Uncommon Descent Serving The Intelligent Design Community


Bats are born knowing how to measure speed in time, not distance

Most interesting. But what does the professor mean when he says, "we hypothesize that an evolutionary 'choice' was made to be born with this knowledge in order to save time during the sensitive development period." So evolution is a designer that makes choices? But, as Michael Behe would ask, “How, exactly?” He can’t walk away from the problem just by putting “choice” in quotation marks. Read More ›

Moths evade bats using acoustic camouflage on their wings

As before, those who want to attribute these staggeringly complex arms races to natural selection acting on random mutations (Darwinism) are facing a huge probability gap. The processes of nature can’t be both wholly blind and highly intelligent, given time limits. Read More ›

“Moths’ ‘ears’ developed millions of years before bats” study is open access

Researchers: "We've thought for a long time that flowering plants must have contributed to the extraordinary number of moth and butterfly species we see today, but we haven't been able to test that. This study helps us see if prior hypotheses line up, and what we find is that the plant hypothesis does, but the bat hypothesis does not." Read More ›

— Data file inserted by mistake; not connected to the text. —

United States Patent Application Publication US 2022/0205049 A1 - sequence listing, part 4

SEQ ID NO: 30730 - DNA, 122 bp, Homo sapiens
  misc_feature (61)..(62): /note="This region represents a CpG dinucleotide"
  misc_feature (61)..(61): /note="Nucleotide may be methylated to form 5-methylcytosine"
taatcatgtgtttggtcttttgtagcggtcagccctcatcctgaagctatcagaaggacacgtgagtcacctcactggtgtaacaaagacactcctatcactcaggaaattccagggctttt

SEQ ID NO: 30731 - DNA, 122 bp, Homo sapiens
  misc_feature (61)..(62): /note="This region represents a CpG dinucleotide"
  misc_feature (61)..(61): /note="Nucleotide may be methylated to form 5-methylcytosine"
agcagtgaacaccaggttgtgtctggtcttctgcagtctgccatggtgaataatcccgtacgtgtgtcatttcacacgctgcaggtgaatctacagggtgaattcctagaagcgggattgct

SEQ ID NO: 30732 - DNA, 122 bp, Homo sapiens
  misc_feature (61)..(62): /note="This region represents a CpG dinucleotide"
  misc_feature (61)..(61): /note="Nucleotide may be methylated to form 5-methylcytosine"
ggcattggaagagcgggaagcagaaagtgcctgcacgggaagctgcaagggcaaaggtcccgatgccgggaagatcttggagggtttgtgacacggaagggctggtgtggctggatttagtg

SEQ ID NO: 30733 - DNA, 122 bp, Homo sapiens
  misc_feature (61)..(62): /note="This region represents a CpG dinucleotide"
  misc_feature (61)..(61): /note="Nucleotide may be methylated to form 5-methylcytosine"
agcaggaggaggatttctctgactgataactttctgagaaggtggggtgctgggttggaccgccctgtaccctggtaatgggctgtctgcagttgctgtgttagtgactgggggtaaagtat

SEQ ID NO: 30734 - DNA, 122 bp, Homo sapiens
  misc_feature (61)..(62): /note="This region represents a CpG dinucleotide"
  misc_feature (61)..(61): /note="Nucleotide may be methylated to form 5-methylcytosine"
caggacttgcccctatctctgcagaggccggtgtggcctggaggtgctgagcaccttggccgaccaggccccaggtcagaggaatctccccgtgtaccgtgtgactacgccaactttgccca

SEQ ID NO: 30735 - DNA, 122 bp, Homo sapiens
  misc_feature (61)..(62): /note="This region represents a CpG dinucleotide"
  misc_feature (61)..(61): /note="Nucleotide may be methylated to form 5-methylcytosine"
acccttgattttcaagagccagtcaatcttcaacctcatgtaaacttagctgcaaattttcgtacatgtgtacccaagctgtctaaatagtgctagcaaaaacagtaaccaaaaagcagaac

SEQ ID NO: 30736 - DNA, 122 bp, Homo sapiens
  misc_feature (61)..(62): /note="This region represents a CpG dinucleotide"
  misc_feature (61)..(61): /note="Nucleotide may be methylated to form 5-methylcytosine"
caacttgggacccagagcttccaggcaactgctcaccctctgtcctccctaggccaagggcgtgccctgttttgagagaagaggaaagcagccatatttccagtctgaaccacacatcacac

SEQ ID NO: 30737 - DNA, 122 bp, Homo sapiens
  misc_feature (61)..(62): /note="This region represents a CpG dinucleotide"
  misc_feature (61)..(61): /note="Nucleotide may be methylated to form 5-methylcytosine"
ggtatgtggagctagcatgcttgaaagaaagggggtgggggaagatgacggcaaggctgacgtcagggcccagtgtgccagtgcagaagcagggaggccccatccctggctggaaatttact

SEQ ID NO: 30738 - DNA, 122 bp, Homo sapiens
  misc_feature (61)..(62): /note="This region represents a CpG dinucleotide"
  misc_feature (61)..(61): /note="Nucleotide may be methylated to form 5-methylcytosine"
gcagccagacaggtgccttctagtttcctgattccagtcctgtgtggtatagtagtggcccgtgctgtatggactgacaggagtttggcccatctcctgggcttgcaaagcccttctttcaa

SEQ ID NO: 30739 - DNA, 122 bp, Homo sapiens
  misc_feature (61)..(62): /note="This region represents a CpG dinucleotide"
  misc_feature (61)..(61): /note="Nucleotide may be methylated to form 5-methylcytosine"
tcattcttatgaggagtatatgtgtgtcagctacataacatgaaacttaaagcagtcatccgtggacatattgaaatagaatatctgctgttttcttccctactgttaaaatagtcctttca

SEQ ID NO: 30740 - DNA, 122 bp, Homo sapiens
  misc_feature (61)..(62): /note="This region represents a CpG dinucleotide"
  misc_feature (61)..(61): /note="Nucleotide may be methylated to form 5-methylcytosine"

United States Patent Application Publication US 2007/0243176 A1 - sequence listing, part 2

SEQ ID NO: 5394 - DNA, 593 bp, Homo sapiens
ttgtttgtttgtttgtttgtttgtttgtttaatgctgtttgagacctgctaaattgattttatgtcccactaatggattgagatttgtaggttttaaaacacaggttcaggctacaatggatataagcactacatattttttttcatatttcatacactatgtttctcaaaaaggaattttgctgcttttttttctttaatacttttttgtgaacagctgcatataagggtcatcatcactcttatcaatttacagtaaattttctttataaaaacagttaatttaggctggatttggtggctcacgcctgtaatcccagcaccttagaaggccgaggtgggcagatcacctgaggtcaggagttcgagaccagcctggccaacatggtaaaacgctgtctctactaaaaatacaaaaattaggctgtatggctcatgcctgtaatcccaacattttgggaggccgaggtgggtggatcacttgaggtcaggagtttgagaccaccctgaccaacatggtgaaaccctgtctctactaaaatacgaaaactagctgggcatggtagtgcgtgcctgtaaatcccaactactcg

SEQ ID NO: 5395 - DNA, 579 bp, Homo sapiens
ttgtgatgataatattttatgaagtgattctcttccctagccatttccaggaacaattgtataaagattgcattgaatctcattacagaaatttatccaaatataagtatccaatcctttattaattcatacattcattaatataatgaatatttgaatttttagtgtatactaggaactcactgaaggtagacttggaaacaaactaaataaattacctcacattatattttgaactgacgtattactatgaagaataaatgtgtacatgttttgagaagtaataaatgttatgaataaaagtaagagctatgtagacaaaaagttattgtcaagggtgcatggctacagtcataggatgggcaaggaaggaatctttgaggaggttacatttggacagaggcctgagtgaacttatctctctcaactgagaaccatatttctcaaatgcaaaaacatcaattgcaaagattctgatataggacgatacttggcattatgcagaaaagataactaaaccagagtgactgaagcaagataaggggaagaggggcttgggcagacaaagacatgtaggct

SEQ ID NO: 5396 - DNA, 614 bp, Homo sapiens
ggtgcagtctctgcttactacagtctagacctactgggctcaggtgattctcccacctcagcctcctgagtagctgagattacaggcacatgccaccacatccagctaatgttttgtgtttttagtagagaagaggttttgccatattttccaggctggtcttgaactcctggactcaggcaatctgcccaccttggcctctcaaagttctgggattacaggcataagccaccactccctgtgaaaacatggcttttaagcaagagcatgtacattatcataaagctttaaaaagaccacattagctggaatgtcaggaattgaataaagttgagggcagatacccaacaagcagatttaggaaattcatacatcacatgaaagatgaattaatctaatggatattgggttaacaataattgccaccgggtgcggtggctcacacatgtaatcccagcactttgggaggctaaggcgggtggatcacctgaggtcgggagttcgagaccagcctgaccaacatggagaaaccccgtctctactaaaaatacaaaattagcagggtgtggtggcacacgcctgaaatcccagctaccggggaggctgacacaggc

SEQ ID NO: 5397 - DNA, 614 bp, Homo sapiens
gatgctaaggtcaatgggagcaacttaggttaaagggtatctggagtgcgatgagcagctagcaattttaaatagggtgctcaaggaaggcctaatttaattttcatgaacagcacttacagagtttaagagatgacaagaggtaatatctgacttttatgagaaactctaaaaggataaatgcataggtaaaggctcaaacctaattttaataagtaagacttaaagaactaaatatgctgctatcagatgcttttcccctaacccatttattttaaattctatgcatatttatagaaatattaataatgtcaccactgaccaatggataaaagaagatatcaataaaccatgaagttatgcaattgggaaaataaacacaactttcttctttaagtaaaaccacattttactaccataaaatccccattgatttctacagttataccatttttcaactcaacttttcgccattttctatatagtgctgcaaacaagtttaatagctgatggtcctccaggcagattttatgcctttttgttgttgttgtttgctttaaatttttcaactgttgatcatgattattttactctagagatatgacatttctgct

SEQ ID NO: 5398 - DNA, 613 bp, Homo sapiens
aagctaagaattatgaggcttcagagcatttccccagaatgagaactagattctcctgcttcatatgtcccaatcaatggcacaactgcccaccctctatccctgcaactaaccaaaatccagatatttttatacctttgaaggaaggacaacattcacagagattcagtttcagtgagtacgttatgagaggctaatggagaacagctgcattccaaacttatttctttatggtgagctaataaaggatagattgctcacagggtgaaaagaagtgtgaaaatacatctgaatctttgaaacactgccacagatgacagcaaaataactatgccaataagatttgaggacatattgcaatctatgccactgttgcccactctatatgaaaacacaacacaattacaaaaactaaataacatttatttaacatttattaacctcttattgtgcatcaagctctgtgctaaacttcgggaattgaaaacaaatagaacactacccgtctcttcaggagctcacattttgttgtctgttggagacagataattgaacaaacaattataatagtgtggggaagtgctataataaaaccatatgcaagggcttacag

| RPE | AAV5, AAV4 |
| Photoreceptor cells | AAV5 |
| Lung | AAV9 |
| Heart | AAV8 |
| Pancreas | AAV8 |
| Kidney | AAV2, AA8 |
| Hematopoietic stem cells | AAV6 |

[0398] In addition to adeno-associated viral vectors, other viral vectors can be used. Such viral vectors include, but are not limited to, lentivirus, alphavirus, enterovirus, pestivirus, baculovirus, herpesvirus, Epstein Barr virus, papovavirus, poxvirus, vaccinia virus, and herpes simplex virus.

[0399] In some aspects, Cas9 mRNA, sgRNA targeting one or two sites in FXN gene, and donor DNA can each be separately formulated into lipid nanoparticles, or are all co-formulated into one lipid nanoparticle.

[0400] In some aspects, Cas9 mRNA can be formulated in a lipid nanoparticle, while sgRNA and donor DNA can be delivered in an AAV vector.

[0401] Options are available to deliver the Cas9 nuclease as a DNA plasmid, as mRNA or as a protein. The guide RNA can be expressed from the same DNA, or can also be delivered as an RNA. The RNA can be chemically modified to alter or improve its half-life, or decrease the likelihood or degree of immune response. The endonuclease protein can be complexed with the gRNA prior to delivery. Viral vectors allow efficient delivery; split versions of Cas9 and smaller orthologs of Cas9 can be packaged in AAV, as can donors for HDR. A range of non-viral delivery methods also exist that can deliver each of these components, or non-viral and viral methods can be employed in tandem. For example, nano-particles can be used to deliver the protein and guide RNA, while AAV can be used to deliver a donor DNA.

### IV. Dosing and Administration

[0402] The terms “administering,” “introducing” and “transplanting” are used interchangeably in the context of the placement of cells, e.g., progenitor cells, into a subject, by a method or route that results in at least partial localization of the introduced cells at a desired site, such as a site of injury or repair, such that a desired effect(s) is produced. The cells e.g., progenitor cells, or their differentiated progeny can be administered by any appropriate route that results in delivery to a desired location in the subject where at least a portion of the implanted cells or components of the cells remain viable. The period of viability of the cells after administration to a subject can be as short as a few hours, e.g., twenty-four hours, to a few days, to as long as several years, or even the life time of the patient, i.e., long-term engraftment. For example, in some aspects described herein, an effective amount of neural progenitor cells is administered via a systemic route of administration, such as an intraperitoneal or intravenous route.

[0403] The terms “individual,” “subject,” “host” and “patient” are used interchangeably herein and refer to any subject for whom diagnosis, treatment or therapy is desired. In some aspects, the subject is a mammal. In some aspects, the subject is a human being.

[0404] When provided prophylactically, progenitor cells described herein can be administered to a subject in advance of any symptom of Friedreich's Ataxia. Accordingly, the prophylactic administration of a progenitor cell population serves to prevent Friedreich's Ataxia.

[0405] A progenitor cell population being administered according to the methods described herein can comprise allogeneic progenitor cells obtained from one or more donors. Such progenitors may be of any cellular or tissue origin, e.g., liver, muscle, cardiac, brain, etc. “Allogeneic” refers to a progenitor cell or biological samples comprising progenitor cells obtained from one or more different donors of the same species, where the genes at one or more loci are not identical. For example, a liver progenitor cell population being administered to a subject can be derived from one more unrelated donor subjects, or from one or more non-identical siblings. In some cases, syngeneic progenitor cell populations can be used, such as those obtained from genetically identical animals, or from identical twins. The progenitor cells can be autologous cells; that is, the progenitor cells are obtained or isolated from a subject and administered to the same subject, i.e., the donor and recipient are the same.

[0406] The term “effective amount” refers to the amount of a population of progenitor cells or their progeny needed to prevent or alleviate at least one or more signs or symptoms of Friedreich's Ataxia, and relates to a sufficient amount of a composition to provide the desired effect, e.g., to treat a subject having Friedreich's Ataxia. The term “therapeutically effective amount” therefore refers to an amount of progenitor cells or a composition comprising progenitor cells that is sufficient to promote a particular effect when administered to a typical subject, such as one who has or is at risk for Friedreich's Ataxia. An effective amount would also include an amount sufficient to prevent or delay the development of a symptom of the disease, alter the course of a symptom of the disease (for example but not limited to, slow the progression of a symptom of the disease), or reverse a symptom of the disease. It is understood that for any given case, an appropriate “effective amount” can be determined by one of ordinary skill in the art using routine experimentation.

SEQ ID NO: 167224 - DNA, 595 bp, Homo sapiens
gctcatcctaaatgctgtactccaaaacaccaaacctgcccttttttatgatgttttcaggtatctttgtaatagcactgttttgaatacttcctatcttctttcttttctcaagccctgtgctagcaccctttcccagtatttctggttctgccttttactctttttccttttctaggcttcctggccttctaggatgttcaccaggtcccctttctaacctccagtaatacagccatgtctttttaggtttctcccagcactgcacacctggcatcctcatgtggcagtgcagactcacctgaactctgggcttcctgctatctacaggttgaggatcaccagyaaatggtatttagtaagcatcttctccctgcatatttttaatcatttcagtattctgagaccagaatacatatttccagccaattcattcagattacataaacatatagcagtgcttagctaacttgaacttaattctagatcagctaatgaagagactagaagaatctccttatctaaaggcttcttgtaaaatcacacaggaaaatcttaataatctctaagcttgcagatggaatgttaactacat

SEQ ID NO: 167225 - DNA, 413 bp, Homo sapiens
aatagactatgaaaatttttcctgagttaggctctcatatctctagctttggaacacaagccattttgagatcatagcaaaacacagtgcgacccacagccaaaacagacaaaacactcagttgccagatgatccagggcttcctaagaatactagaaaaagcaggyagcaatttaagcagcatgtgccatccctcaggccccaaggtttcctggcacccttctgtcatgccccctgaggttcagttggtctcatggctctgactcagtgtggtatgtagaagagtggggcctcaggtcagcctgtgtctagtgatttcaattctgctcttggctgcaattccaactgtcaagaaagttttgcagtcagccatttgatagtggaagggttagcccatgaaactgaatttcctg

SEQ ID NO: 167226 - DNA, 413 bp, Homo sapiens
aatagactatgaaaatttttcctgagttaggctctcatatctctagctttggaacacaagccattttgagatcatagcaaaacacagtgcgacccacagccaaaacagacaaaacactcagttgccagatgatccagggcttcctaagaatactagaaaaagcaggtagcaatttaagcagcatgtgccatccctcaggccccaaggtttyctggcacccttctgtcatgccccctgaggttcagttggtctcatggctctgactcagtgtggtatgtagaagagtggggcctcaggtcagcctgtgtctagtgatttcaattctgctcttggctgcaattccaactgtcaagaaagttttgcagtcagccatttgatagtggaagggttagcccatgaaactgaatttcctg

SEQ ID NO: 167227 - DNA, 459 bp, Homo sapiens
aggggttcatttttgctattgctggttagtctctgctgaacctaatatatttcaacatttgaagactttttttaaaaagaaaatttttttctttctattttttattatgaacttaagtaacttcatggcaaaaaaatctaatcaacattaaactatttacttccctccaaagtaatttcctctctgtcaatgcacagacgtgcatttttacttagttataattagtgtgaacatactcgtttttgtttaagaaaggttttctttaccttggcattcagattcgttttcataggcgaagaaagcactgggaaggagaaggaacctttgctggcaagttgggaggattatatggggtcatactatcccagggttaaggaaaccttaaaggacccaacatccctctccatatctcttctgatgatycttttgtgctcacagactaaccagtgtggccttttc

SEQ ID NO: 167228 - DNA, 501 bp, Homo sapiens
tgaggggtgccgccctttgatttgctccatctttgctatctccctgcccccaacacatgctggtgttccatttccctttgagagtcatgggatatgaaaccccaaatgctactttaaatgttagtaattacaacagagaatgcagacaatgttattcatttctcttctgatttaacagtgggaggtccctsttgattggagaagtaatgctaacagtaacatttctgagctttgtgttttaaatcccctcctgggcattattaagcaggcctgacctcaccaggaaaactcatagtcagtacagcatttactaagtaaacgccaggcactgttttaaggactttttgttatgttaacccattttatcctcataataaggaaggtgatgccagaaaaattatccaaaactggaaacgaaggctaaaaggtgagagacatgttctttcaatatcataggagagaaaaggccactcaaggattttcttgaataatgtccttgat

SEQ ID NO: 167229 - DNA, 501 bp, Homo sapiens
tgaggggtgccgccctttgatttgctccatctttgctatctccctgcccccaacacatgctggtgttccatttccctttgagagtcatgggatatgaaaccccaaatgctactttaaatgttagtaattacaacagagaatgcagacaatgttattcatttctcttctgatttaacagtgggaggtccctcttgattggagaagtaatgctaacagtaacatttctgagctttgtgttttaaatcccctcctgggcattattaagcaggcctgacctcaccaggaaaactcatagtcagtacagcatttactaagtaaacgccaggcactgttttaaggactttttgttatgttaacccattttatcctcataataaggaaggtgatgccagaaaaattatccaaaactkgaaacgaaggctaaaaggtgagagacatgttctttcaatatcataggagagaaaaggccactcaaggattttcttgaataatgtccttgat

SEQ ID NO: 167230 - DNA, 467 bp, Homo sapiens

At the Atlantic: Textbook evolution story is said to be WRONG

Hadn’t the Darwin lobby better invade and frogmarch all these little East Coast snots back into line? They must never talk in such a way as to imply that Darwinism could be wrong about anything. Read More ›

Moths use “acoustic camouflage” to evade bats

Their fuzz works like an acoustic panel to cut down the noise volume from their movements. From ScienceDaily: While some moths have evolved ears that detect the ultrasonic calls of bats, many types of moths remain deaf. In those moths, Neil has found that the insects developed types of “stealth coating” that serve as acoustic camouflage to evade hungry bats. Neil will describe his work during the Acoustical Society of America’s 176th Meeting, held in conjunction with the Canadian Acoustical Association’s 2018 Acoustics Week, Nov. 5-9 at the Victoria Conference Centre in Victoria, Canada. In his presentation, Neil will focus on how fur on a moth’s thorax and wing joints provide acoustic stealth by reducing the echoes of these body Read More ›

Bats “steal” genes from ebola-related virus

Which now seem to serve an as-yet-unknown function in the bat. From ScienceDaily: Some 18 million years ago, an ancestor of mouse-eared bats “stole” genetic material from an ancient virus related to Bola. The swiped genetic sequence — a gene called VP35 — has remained largely intact in the bats despite the passage of time, with few changes since it was co-opted, a new study finds. The research also sheds light on the gene’s possible function in bats, suggesting that it may play a role in regulating the immune system’s response to threats. “We’re using a multidisciplinary approach to understand the evolution, structure and function of a viral gene co-opted by a mammal,” says Derek J. Taylor, PhD, an evolutionary biologist at Read More ›